Ssebulime's is one of the first detailed narratives to come out of the bombings. She and the other missionaries were at a Kampala restaurant watching the World Cup final on television when a bomb next to their table exploded.
Minutes later, another bomb exploded on a rugby field across town. Among those killed by the second blast was Nate Henn, 25, a Wilmington native who was in Uganda to visit youngsters he had befriended in his work with the aid group Invisible Children.
The blast at the restaurant injured five of the six missionary-group members who had lingered in Uganda to complete a school building project after nine others had returned to Pennsylvania.
"I could taste blood in my mouth and felt burning sensations," Ssebulime, 40, wrote on her blog. "It seemed as if everything was swirling around me, and then I heard Emily screaming and I went to her."
She was referring to Emily Kerstetter, 16, of Ellicott City, Md., who with her grandmother was part of the Selinsgrove mission group. Kerstetter and Kris Sledge, 18, also of Selinsgrove, and Thomas Kramer, a teenager from Winfield, were severely injured by the blast.
"Emily was screaming," Ssebulime wrote. "I held both of her hands. . . . She kept saying it burned. . . .When she would stop screaming, I would yell her name because I was truly afraid she was dead."
Ugandan coworkers got them to a vehicle. "It was the worst state of confusion I have ever felt. I can hear her screams and the horn blaring as [we] sped toward the hospital."
Emily Kerstetter's grandmother, Joanne Kerstetter, 68, of Selinsgrove, suffered a broken arm. By Wednesday, both were in a hospital in Johannesburg, South Africa.
Pam Kramer, 46, mother of Thomas Kramer, underwent surgery on Tuesday in Nairobi, Kenya, for a broken leg, according to the Selinsgrove mission's website. Sledge and Thomas Kramer also were being treated in Nairobi.
All five injured missionaries are expected to be flown back to Pennsylvania soon, the website said.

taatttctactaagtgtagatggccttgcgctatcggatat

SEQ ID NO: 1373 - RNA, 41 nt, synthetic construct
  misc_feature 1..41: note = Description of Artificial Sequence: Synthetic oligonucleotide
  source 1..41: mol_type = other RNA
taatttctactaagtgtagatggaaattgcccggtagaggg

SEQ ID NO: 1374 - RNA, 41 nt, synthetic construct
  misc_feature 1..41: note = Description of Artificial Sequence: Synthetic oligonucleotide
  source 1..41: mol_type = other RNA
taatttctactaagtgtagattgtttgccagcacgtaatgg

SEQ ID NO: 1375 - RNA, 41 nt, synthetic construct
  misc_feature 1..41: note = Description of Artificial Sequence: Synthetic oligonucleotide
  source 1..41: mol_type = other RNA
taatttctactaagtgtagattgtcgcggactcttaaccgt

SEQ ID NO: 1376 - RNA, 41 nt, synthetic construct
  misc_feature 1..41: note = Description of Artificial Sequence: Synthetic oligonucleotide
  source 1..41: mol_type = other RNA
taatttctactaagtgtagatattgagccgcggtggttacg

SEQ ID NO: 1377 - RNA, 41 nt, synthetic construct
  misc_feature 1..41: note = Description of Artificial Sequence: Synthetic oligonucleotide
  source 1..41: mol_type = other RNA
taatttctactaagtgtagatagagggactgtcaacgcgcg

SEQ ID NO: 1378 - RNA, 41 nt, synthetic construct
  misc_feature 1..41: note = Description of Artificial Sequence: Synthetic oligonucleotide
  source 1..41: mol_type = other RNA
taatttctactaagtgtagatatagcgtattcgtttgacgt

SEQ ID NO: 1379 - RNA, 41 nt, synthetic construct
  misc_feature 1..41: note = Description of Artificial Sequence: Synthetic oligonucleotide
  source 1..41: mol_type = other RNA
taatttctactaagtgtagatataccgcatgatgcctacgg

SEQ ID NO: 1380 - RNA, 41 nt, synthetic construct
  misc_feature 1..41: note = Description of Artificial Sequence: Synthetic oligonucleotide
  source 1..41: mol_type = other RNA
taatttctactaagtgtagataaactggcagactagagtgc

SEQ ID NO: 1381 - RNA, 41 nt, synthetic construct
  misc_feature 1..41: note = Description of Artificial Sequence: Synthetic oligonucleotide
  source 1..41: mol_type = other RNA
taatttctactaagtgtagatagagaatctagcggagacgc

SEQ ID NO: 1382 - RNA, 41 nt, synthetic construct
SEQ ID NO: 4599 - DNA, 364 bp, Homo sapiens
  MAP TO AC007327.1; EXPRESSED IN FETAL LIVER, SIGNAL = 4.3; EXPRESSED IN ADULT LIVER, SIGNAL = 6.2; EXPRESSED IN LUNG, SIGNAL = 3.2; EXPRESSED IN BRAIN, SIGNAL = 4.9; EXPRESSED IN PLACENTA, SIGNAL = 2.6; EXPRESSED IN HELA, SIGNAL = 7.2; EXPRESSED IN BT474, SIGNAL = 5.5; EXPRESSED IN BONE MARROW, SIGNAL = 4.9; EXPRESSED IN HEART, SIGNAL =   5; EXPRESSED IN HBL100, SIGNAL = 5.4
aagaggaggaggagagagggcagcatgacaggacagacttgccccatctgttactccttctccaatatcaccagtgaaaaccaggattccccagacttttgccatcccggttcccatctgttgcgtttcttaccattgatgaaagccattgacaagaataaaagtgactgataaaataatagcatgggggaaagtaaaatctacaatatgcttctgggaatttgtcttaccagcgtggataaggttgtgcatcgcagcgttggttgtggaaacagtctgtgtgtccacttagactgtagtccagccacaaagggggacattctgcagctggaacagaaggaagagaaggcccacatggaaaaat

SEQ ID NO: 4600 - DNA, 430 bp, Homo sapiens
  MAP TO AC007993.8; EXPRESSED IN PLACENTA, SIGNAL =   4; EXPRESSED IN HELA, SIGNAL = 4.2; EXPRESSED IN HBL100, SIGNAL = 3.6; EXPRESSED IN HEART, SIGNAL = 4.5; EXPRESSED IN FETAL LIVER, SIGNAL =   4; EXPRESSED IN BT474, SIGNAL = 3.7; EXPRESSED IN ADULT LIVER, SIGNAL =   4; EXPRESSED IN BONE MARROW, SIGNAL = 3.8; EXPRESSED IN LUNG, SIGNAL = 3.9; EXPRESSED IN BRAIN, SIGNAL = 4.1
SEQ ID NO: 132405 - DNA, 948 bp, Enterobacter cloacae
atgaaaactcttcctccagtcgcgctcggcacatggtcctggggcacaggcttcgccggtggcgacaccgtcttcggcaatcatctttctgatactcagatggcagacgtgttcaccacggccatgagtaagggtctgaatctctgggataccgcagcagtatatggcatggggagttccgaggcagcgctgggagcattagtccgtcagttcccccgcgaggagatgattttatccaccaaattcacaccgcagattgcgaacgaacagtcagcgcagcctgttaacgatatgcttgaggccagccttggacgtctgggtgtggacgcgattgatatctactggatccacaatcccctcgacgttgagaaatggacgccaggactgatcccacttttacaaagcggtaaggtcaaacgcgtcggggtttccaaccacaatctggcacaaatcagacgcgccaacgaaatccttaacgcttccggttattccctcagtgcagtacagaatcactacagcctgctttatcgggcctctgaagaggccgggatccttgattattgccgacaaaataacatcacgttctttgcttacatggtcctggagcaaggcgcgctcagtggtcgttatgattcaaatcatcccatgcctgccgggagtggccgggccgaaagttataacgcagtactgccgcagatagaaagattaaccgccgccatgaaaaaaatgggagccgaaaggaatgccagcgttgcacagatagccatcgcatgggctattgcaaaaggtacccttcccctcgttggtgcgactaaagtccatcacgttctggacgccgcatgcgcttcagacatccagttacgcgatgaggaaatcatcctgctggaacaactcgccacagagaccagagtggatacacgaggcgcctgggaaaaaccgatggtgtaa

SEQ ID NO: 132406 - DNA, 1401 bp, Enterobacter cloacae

Ssebulime, who teaches in an after-school program and at Sunday school, lived in Uganda in the 1990s and worked with the Rev. Peter Mutabazi, pastor of Bwaise Pentecostal Church, which the group went to aid. Mutabazi died in the blast. Ssebulime attended his funeral on Monday.
The missionaries had built a wall to keep intruders out of the church-school compound. Susan Heintzelman, one of nine missionaries who returned to Selinsgrove last week, said the wall was built in part to protect pupils from the threat of ritual sacrifice. The Associated Press reported in April that at least 15 Ugandan children and 14 adults died in ritual sacrifices last year.
Ssebulime, who is from Selinsgrove, married a man she met while working in Uganda. She and her husband helped forge the ties between Christ Community United Methodist Church in Selinsgrove and Bwaise Pentecostal.
The first team of missionaries went to Kampala in 2004. In 2008, a group helped build classrooms at the school. located next to the church.
The Selinsgrove-based church helps pay for teacher salaries - $200 a month - at the school in Uganda. The congregation also helps students pay the annual $150 tuition.
In 2008, the mission group donated $15,000 for new classrooms, and this year contributed an additional $10,000 to help build the wall.
Team members said they traveled to Kampala June 16 to visit the children, Mutabazi, and other friends.
Ssebulime's account of the bombing, which contains graphic detail, begins with the words "During our dinner ..." on her blog, at http://uganda2010.editme.com/Lori-Ssebulime
Contact staff writer Bonnie L. Cook at 610-313-8232 or email@example.com.